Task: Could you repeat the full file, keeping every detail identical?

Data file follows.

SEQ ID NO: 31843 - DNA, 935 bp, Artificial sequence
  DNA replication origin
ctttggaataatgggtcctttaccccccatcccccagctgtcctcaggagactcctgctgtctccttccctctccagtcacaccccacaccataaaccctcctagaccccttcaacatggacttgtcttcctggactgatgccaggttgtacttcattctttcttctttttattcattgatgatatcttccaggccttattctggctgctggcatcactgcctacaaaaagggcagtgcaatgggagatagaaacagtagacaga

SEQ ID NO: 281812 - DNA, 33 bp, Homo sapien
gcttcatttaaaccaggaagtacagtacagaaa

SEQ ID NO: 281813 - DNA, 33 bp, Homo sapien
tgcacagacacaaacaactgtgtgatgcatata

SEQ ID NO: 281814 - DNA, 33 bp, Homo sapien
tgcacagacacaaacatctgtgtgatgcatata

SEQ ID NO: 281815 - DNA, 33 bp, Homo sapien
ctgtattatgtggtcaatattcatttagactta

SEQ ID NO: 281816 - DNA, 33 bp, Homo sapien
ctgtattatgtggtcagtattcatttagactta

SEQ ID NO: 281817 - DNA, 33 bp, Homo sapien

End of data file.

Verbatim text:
SEQ ID NO: 31843 - DNA, 935 bp, Artificial sequence
  DNA replication origin
ctttggaataatgggtcctttaccccccatcccccagctgtcctcaggagactcctgctgtctccttccctctccagtcacaccccacaccataaaccctcctagaccccttcaacatggacttgtcttcctggactgatgccaggttgtacttcattctttcttctttttattcattgatgatatcttccaggccttattctggctgctggcatcactgcctacaaaaagggcagtgcaatgggagatagaaacagtagacaga

SEQ ID NO: 281812 - DNA, 33 bp, Homo sapien
gcttcatttaaaccaggaagtacagtacagaaa

SEQ ID NO: 281813 - DNA, 33 bp, Homo sapien
tgcacagacacaaacaactgtgtgatgcatata

SEQ ID NO: 281814 - DNA, 33 bp, Homo sapien
tgcacagacacaaacatctgtgtgatgcatata

SEQ ID NO: 281815 - DNA, 33 bp, Homo sapien
ctgtattatgtggtcaatattcatttagactta

SEQ ID NO: 281816 - DNA, 33 bp, Homo sapien
ctgtattatgtggtcagtattcatttagactta

SEQ ID NO: 281817 - DNA, 33 bp, Homo sapien